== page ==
Here’s a little experiment. Start a conversation about why open source and Portland go so well together. Go ahead. I’ll wait.
Now, I’m not usually much of a betting guy. But in this case, I’m willing to bet that at some point in that conversation—for many of you—the inevitable “Well, you know, Linus Torvalds lives here” came up as some sort of qualifier. It did, right? Read More
[HTML2]It’s Thursday and that means it’s time to unveil a new version of memePDX, Portland tech news for those short on time and attention. And you’ll be happy to hear that we took your feedback to heart. We tried to keep it shorter and we tried to keep it more local.
LinuxCon is in full swing this week in Portland. And while there are tons of good open source conversations and likely some awesome hacking underway, there’s always a little bit of hi-jinx afoot, as well.
Given that it was the inaugural LinuxCon, some of that tomfoolery was planned. Specifically the “Fake Linus Torvalds” contest. And as it turns out, in the end, the open source faker was better than the seasoned proprietary faker. Read More
That’s a lot of Linux. And what’s one of our favorite things about Linux—and for that matter open source in general? That’s right, for people with knowhow, it’s a great way to adopt great technology for little to no cost. If only that same knowhow could get you into LinuxCon with little to no cost.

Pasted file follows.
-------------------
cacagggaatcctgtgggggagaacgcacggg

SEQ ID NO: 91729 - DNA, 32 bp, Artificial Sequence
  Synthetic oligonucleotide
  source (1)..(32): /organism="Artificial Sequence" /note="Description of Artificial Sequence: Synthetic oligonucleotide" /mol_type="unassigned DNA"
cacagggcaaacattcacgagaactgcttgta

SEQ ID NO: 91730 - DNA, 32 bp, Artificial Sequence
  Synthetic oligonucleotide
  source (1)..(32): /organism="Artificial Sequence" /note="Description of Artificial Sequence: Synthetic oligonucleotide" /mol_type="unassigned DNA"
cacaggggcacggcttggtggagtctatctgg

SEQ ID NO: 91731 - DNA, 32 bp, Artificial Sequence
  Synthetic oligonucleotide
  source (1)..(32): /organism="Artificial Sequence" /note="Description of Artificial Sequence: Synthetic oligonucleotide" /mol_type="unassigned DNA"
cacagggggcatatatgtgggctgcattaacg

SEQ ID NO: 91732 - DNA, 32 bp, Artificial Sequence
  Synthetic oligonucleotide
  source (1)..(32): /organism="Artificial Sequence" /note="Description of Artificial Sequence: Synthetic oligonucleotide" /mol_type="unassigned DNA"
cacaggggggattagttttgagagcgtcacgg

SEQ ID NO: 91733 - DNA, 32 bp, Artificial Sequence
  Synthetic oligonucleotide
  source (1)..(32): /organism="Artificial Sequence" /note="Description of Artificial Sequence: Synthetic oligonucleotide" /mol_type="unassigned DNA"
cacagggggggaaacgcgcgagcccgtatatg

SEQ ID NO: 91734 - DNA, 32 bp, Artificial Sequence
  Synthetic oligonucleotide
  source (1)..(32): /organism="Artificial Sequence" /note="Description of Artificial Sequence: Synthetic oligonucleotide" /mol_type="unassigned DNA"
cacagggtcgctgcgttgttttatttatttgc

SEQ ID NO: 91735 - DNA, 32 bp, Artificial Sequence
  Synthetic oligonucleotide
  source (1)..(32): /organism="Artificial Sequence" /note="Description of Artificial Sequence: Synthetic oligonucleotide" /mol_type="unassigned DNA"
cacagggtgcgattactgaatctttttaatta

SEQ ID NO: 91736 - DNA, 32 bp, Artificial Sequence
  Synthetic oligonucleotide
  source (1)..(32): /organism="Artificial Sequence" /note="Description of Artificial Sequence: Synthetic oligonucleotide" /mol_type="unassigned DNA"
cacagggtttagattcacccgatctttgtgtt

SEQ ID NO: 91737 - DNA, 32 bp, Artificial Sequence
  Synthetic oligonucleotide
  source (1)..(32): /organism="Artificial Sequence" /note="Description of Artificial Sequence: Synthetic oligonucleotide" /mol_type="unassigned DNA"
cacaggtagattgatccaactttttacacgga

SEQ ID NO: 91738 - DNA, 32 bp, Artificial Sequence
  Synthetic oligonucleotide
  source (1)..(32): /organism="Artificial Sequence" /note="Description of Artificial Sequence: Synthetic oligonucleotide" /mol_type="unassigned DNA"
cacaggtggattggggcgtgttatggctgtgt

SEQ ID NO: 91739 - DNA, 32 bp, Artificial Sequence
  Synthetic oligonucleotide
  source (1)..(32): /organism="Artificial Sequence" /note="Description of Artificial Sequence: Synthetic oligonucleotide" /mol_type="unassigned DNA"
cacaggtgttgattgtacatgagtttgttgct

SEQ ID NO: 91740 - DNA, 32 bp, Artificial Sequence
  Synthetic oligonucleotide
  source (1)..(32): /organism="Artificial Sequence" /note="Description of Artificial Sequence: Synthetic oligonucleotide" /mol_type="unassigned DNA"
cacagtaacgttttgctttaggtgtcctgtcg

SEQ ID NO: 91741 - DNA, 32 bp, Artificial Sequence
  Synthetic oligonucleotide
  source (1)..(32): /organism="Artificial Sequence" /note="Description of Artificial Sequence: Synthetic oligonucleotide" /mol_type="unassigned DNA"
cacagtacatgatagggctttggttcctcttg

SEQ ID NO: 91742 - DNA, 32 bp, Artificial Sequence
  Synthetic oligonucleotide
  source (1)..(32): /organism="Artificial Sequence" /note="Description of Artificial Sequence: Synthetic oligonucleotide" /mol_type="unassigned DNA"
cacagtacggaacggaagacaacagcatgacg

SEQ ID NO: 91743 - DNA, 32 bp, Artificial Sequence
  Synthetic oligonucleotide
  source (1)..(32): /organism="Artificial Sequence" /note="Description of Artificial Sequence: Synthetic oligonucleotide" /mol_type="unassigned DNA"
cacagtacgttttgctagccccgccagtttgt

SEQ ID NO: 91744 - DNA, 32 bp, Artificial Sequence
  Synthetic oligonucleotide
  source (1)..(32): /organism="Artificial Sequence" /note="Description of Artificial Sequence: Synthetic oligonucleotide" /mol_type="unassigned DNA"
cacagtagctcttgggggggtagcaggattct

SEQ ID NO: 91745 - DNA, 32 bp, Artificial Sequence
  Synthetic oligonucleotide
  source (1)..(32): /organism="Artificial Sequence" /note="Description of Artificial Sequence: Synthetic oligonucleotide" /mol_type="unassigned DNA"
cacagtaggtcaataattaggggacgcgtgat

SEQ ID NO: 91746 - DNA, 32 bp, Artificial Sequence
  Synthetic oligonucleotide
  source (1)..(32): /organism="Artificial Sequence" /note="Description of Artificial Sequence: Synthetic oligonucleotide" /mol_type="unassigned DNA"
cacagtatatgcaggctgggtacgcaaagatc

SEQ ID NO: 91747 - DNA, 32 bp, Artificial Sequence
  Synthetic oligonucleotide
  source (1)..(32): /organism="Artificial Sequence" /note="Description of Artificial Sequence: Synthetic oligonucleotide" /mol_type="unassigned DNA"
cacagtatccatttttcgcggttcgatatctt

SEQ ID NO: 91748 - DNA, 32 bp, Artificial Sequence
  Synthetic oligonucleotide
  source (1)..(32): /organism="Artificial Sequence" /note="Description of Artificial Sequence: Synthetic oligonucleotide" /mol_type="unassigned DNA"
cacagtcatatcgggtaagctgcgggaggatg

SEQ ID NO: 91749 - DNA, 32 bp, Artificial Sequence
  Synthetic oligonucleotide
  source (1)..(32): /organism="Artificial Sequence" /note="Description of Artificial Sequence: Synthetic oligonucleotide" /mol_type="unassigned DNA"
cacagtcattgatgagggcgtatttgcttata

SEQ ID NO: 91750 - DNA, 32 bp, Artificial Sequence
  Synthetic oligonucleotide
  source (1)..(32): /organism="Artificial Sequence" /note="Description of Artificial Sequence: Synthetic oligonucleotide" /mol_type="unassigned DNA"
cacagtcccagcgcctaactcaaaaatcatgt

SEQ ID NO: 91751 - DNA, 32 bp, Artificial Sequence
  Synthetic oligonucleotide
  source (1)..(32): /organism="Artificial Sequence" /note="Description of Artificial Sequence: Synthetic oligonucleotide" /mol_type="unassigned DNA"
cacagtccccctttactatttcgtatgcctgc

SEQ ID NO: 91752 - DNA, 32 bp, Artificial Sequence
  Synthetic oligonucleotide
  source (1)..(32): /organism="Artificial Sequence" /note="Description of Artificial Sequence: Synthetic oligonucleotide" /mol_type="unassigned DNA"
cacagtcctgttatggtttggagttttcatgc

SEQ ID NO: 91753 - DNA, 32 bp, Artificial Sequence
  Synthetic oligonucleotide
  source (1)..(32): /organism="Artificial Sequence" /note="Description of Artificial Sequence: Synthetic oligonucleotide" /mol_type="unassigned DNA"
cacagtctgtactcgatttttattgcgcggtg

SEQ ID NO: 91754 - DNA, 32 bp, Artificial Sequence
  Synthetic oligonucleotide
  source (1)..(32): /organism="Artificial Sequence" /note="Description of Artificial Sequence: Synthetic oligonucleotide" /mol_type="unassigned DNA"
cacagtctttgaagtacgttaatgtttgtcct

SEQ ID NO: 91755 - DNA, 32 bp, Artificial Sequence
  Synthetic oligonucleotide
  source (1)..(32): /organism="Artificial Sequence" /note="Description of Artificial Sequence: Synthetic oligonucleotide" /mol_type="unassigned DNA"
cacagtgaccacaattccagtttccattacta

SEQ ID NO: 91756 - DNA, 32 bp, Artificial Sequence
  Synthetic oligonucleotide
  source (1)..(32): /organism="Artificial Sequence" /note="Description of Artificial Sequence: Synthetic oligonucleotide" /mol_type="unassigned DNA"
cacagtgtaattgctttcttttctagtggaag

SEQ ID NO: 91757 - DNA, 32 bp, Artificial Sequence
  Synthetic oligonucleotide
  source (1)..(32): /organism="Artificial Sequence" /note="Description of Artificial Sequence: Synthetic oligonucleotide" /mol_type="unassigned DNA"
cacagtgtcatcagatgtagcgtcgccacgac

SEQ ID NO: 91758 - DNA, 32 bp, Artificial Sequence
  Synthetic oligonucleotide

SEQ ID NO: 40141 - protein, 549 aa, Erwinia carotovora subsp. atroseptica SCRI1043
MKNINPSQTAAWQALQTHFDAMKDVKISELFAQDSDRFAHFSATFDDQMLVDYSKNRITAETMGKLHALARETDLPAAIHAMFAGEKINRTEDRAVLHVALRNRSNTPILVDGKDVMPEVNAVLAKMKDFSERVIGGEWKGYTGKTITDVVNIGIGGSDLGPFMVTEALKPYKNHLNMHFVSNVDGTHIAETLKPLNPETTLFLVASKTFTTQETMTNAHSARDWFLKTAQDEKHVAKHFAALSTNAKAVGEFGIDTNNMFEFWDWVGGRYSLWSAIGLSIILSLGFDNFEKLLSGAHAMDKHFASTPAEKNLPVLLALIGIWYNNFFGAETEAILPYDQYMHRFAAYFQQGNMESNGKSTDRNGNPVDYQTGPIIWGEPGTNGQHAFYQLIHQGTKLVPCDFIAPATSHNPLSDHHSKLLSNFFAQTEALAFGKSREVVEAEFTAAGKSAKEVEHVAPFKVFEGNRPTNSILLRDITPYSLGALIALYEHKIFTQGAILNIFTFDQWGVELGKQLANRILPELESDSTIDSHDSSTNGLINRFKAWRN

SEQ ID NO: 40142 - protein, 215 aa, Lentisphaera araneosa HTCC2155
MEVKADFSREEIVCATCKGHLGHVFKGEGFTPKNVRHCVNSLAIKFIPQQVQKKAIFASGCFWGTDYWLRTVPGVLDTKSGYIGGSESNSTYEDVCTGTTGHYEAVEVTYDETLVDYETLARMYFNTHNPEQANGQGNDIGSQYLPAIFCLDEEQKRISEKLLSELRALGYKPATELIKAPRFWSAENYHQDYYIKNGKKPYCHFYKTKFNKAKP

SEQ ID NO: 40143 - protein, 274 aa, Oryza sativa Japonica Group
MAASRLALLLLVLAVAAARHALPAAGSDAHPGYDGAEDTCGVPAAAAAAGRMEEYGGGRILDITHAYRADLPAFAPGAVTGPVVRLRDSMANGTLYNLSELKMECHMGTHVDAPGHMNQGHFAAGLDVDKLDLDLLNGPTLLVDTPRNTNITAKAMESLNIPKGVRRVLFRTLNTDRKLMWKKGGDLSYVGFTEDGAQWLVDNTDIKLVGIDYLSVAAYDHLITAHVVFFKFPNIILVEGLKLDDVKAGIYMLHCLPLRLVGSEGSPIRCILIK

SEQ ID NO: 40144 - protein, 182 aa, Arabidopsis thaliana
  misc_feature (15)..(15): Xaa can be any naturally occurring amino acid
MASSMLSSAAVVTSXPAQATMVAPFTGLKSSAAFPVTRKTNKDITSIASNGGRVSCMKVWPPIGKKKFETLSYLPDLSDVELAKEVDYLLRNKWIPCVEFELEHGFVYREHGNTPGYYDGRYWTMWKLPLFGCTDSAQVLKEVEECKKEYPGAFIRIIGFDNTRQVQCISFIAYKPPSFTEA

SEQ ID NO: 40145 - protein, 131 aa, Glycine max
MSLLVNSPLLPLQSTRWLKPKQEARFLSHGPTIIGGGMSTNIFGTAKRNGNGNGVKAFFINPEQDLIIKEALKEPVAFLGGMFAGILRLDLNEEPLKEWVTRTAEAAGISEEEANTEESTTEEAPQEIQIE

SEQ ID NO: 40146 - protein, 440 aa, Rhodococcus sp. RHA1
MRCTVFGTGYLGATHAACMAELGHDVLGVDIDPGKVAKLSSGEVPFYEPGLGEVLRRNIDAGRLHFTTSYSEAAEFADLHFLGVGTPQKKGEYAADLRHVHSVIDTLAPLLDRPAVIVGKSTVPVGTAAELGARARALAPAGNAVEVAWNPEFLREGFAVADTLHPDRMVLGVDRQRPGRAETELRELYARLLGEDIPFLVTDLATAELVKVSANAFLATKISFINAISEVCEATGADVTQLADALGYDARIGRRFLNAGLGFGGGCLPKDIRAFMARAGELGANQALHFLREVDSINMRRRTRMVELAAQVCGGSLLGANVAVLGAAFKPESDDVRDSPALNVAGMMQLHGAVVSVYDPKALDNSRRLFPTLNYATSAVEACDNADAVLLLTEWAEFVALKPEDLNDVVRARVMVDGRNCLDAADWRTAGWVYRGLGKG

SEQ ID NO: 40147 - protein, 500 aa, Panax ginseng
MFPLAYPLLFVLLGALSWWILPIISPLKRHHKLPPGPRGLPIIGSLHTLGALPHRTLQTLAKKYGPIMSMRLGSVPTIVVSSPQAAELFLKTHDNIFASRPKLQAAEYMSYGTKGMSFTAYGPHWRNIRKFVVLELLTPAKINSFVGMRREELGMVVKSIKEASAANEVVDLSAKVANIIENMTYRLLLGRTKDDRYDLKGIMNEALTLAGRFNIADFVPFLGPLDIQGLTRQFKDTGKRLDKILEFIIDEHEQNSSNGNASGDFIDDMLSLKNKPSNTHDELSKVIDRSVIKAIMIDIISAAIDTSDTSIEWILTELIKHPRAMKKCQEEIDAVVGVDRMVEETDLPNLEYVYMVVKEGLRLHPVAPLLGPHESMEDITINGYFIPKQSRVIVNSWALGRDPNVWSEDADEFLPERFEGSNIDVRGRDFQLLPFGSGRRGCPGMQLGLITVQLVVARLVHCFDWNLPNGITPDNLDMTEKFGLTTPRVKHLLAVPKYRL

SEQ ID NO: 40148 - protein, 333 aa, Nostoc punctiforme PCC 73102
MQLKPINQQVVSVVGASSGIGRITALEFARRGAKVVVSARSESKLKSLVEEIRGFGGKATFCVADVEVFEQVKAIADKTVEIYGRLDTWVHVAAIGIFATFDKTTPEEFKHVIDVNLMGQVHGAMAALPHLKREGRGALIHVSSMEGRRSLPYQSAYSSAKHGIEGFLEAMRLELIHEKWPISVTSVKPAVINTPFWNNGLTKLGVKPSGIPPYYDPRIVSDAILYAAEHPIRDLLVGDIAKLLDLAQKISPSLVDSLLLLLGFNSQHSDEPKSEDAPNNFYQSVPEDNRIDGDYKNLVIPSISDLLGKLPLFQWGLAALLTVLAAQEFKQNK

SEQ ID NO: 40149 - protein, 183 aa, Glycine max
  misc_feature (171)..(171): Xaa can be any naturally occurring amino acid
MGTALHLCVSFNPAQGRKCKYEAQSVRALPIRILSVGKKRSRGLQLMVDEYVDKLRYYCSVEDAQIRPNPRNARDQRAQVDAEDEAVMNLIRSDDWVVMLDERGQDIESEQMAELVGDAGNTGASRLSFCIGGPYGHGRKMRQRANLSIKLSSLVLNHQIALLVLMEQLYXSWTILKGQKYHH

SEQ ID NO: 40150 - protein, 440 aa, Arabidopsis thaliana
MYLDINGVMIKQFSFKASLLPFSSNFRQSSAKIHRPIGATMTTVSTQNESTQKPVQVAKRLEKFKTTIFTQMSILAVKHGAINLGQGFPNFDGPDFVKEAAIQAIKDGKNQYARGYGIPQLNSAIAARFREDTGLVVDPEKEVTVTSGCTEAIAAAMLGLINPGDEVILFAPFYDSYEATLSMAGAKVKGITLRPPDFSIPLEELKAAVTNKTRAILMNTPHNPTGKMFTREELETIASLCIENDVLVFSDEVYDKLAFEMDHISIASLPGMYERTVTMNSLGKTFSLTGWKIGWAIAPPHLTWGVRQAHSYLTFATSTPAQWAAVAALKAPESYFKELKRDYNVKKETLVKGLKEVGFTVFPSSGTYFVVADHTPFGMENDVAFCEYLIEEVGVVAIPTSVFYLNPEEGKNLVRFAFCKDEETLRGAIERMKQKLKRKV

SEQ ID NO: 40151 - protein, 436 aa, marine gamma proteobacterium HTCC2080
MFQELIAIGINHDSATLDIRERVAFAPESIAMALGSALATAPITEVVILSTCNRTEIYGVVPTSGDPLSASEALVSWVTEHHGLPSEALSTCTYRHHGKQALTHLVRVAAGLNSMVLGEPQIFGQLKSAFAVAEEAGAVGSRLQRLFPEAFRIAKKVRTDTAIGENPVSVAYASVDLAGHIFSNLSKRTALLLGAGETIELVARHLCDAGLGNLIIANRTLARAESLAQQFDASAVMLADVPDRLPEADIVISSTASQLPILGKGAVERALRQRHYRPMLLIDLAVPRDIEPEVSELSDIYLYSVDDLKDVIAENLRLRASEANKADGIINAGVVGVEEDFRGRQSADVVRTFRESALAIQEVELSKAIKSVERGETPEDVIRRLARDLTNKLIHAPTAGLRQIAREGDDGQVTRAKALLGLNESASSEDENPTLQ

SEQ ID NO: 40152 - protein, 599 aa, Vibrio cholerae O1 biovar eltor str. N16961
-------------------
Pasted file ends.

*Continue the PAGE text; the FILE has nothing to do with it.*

Well, now it can. But you have to act fast. Read More
This may come as a shock to you but any number of people—even completely mediocre bloggers—wind up with people impersonating them on blogs, Twitter, and the like. No. I’m serious. I mean, that’s why Twitter did that whole “verified” thing.
Well, leave it to Portland’s newest open source event—LinuxCon—to take the idea of online impersonation and make it more—well—open. Would you expect anything less? Now, four Linux community leaders will be vying for the title of Fake Linus Torvalds. Read More
Bob Sutor, vice president of Standards and Open Source at IBM
LinuxCon combines the developer and end user communities to produce more than 75 sessions that address “all matters Linux.” The event takes place September 21 – 23, 2009 in Portland, Oregon at the Marriott Downtown Waterfront.
Speaking of announcing, um, speakers. Word around the campfire is that another open source conference in town, Open Source Bridge, will be announcing its final list of selected speakers Thursday at noon.
Well, okay, yes. I’m privy to that list. No, I won’t let you sneak a peek. More news on that as it becomes available.
Portland remains the place-to-be for this year’s sold-out Linux Plumbers Conference, a gathering of more than 300 folks who have a deep interest in the inner recesses of the popular open-source operating system created by Portland-area resident, Linus Torvalds.
Jonathan Corbet calls this the “kernel ecosystem”. We call it the “plumbing,” a collection of essential interfaces and services provided by the libraries, kernel, and utilities that make up a Linux system. Currently, when a problem exists that involves both kernel and user space, a developer must attend several different conferences to discuss the problems face-to-face with other key developers. As a result, problems crossing multiple subsystem boundaries are more difficult to solve than those within a subsystem.